The post promised names popular in Italy, not popular names of Italian origin. I'm just a casual reader of this blog, but I signed up to comment specifically because even as a casual reader, I see how often you leave disparaging comments on Emily's posts and I think it's awful. I have no skin in the game, but I used to write for a popular website and I can tell you that writers read the comments and the snarky ones hurt, as baseless as they may be. Would you say the kind of things you write to a person's face? If so--well, I guess if being that type of person has worked for you so far, I suppose you won't stop on the Internet. If not--think about why you feel it is OK to do it online, but not face to face. Courtesy to fellow human beings shouldn't stop in the comments section.

July 31, 2018 1:29 PM

TheOtherHungarian: She specifically notes that it's not Italian, but was included in this list because it's in the top 200 in Italy. I don't see any problem with what she's written -- it's all accurate as far as I can tell.

July 31, 2018 5:27 PM

@traleerose: sorry, I have to admit, I did not actually read the article, so I did not see the disclaimer about the name not matching the title. ("Top Girls' Names in Italy..." would perhaps have been a better choice of wording for said title.)

August 1, 2018 7:43 AM

Italian here, Marika is indeed not Italian, however it's been used in Italy for the past 30 years or so, sometimes with the spelling Marica. It's never been very common, I only know one who is 20 years old. It's not considered to be very classy, especially the K spelling.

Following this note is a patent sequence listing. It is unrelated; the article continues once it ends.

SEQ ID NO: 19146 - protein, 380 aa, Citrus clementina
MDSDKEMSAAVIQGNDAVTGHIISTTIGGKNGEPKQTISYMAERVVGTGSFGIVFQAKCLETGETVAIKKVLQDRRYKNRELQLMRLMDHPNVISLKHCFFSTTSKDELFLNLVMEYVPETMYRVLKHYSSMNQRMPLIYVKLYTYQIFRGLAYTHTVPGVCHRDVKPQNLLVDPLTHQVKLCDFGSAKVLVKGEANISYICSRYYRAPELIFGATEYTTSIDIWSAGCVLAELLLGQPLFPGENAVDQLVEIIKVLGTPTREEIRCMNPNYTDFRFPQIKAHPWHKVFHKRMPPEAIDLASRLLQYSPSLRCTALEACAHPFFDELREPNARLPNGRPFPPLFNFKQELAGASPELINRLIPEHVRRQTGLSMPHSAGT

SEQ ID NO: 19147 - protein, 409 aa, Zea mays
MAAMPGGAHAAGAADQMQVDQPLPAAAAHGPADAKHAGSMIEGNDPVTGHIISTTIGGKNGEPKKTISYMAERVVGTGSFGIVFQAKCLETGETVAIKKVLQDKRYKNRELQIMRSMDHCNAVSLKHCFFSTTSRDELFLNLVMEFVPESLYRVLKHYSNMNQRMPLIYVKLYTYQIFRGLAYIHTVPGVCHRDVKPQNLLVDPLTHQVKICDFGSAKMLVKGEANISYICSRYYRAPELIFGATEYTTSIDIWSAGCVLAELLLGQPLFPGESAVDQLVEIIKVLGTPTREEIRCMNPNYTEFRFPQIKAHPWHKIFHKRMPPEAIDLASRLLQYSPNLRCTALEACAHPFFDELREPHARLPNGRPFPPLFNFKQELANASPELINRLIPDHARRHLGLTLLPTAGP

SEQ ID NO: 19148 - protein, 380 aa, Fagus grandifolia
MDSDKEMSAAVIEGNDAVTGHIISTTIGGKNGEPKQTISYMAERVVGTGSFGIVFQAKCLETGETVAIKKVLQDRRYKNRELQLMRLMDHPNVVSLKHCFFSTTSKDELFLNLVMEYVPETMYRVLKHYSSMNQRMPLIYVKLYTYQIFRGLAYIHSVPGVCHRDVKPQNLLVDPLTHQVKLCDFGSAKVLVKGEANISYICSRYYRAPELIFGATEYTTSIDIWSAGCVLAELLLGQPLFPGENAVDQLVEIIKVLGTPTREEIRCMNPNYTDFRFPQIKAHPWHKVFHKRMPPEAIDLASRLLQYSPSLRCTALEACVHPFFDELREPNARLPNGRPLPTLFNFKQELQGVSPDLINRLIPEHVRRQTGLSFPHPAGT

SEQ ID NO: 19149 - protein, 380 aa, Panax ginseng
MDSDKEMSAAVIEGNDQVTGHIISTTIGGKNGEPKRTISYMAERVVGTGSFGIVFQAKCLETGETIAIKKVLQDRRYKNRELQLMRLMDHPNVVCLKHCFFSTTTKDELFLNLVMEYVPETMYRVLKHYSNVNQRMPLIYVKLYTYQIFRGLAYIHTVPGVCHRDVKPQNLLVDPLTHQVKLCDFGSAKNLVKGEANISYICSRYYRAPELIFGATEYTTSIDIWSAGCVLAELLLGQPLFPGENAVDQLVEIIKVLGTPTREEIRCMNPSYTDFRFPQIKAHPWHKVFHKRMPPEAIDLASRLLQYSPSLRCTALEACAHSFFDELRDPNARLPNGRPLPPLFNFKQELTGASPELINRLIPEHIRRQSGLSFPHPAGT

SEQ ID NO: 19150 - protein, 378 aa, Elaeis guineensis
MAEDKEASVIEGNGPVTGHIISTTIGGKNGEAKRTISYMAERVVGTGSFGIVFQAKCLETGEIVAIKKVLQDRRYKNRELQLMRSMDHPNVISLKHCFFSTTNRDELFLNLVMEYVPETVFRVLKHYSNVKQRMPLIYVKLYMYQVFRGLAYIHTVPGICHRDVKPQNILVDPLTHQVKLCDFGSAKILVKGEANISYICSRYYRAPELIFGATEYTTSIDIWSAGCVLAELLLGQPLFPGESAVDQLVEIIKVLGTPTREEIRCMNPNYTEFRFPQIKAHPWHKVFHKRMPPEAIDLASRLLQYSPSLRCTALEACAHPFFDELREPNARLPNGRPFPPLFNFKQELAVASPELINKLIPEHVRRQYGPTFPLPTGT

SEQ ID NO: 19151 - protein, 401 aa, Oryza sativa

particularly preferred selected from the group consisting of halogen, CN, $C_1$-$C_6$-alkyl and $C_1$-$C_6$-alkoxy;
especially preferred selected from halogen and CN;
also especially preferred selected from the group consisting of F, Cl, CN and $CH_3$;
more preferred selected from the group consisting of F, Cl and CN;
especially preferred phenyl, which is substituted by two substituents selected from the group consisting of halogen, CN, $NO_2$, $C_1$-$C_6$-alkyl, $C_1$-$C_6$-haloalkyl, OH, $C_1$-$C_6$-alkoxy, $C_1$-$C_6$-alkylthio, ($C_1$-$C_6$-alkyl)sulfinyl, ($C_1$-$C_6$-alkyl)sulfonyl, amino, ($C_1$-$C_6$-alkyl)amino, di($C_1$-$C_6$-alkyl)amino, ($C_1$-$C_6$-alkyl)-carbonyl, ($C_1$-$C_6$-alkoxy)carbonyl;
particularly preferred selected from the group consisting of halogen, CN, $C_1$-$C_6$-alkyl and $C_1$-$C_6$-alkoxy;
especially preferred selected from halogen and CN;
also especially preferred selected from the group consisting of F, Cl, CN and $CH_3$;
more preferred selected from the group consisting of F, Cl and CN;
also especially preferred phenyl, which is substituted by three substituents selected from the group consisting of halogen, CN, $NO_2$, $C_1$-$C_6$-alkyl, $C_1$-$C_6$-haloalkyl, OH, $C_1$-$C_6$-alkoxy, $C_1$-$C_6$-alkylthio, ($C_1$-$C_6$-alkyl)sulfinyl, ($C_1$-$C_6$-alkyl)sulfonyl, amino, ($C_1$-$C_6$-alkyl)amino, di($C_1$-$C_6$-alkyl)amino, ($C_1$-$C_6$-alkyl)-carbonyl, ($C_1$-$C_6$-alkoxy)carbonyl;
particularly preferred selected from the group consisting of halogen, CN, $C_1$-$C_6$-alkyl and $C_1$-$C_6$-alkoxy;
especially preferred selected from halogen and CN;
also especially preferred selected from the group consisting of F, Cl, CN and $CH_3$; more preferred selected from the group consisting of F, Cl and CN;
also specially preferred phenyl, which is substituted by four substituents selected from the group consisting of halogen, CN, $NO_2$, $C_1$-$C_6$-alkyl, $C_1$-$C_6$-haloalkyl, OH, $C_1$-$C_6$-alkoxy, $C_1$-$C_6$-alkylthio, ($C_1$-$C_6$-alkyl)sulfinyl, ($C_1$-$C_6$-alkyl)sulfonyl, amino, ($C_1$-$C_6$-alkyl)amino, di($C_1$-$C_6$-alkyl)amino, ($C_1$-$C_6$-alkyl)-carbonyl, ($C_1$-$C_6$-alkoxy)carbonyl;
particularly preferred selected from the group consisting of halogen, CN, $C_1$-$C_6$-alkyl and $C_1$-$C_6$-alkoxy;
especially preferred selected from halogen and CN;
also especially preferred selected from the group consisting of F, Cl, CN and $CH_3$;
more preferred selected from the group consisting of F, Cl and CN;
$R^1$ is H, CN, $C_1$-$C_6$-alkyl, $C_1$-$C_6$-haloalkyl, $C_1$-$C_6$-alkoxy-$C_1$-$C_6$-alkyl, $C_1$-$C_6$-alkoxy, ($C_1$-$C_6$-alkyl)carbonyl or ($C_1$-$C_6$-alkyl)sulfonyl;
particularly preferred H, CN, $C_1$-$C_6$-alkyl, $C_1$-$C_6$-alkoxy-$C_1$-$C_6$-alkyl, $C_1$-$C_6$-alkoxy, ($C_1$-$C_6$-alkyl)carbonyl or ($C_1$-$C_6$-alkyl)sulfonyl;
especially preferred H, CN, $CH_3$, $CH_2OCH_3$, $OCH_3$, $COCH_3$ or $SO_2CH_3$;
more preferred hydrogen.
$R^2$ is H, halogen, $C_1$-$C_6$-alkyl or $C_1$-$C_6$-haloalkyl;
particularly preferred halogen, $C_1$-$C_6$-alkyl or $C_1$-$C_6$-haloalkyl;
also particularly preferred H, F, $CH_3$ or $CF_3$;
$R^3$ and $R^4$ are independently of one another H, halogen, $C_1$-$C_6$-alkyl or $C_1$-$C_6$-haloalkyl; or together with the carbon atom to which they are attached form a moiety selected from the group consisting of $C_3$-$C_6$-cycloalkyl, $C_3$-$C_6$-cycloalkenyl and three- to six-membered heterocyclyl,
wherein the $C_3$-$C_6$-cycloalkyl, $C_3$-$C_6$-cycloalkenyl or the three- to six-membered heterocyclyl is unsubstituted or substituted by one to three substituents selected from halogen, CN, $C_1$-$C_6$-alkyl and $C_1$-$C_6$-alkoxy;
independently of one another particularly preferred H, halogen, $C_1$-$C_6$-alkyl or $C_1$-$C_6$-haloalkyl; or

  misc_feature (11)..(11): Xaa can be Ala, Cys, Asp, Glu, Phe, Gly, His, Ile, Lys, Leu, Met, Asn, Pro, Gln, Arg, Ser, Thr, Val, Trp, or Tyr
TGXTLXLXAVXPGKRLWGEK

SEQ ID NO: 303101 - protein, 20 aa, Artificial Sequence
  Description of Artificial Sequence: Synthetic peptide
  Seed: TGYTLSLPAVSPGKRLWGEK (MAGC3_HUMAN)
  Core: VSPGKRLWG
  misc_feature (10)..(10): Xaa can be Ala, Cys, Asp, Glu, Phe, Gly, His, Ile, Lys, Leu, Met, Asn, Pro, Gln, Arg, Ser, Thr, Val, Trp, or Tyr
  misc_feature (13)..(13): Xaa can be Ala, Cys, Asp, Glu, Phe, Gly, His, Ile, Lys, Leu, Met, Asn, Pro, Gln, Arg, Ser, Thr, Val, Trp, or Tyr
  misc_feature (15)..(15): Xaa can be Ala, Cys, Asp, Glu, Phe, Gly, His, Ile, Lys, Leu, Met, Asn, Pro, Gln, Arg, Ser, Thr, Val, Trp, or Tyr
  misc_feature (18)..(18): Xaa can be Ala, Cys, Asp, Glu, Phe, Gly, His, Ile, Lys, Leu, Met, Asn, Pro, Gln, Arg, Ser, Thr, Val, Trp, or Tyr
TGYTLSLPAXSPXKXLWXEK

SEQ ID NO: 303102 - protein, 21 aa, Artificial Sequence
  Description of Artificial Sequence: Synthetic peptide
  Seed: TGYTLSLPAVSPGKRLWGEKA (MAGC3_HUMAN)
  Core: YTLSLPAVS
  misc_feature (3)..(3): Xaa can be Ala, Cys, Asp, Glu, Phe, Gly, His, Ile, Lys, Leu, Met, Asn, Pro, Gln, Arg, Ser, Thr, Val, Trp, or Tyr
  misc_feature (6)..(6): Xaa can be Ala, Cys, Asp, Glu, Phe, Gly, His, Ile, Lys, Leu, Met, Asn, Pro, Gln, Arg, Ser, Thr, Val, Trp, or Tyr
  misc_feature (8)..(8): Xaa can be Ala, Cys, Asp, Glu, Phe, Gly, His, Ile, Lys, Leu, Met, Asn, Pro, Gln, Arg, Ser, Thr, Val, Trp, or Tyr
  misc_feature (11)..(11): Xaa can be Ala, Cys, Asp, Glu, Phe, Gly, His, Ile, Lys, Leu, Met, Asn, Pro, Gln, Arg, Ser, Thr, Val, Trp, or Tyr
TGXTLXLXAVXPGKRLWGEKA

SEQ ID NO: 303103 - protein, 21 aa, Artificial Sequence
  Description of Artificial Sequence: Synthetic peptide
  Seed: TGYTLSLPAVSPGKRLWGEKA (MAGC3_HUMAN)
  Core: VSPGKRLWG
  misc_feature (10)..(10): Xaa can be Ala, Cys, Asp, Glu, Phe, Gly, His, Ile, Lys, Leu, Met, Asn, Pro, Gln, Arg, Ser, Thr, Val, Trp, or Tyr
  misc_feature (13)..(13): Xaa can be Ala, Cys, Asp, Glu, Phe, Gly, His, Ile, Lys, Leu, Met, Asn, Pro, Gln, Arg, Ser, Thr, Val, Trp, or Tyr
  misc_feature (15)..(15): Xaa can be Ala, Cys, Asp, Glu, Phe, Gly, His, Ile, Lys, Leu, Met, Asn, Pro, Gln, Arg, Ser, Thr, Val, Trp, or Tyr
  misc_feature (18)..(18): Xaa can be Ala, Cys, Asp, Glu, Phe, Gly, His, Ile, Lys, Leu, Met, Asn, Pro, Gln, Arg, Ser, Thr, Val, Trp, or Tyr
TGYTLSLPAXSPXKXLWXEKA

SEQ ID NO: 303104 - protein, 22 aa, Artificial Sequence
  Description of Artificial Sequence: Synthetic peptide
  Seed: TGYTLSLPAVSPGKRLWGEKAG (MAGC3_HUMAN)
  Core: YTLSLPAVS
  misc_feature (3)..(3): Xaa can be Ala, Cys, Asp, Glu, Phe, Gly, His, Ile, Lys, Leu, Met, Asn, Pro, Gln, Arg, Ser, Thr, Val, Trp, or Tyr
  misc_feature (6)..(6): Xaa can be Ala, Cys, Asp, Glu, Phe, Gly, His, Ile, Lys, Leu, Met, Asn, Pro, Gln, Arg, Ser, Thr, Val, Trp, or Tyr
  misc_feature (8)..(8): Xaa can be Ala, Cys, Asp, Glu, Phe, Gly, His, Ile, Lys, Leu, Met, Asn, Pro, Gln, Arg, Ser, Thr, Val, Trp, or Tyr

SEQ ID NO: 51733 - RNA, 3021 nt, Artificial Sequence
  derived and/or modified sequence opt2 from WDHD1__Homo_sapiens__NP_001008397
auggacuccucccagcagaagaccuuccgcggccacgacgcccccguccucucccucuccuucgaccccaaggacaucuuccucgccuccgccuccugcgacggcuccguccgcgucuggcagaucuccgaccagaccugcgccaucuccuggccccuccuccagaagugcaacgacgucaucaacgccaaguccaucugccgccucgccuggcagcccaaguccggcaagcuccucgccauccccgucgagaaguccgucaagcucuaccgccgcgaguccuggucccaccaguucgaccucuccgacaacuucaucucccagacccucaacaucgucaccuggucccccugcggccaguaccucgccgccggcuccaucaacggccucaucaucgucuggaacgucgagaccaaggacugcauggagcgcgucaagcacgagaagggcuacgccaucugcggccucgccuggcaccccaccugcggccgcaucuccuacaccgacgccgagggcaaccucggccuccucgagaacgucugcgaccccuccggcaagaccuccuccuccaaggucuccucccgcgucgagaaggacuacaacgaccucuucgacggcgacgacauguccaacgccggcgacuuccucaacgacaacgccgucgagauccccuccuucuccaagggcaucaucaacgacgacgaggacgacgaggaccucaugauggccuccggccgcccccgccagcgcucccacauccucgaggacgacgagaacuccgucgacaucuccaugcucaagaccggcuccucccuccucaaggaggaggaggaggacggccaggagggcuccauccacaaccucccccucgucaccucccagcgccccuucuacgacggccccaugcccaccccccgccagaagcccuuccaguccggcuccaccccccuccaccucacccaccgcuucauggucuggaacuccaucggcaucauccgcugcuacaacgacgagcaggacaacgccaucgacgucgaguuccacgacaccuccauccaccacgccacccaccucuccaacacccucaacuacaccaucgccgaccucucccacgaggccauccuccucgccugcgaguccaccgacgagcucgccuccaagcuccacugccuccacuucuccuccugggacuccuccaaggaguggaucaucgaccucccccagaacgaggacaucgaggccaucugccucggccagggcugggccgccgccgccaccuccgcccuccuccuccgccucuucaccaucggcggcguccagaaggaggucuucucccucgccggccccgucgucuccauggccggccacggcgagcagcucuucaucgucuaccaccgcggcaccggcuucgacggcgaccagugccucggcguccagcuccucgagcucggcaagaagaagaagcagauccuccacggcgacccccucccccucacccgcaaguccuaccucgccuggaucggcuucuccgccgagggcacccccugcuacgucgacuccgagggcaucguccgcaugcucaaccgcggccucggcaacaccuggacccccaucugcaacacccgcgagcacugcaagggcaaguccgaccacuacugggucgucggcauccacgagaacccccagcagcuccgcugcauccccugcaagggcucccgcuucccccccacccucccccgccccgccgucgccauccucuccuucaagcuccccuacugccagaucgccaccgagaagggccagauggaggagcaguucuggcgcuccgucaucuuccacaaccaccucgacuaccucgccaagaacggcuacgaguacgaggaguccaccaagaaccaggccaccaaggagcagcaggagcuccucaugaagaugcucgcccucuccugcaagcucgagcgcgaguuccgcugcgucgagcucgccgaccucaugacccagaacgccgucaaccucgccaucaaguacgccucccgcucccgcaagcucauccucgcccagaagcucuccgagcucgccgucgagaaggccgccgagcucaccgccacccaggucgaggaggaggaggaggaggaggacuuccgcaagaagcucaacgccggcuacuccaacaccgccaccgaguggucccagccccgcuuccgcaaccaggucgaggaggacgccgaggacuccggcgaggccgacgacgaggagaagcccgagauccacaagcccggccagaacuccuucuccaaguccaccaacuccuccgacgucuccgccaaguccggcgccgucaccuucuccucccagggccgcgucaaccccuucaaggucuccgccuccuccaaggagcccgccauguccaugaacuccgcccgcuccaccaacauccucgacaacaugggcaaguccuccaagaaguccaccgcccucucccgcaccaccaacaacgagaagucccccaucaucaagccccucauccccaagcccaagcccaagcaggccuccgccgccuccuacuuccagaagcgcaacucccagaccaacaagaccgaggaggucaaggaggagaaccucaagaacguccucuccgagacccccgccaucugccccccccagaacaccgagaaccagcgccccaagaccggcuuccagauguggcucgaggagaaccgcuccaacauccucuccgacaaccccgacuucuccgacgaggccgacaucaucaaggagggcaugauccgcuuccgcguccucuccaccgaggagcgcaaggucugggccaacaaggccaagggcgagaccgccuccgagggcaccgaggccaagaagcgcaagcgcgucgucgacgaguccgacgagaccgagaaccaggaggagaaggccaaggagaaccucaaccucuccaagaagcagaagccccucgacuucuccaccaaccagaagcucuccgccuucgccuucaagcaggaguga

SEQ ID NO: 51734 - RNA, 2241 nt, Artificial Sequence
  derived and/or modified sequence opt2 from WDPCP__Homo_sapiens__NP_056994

Gioia is pronounced JAW ya. Actually in some parts of Tuscany people may pronounce it ZHAW ya, but it's not the standard Italian pronunciation.


By mk
August 1, 2018 11:21 AM

I know a few Violas born in the past few years. I've always liked Chiara and Flavia. I wonder if the Flavia de Luce series will give it more popularity.

Gioia is lovely, but I think the pronunciation may be difficult for many English speakers.

August 2, 2018 9:35 AM

I think Chiara18's comment may highlight the problems of trawling foreign popularity lists for names. You never know just what the connotations or history are that lead a name to be on the most-popular list, nor how it could be read on visits to that country. Though maybe it doesn't matter for the average American family.

By EVie
August 2, 2018 10:28 AM

nolanamer - I sympathize with the reminder to be kind and courteous, and agree that the Internet can use a lot more kindness. I also totally see the pattern that you are commenting on, and understand where you are coming from. However, long-time readers of the blog and forums may have a somewhat different perspective, which I will try to explain for those who might not understand the context.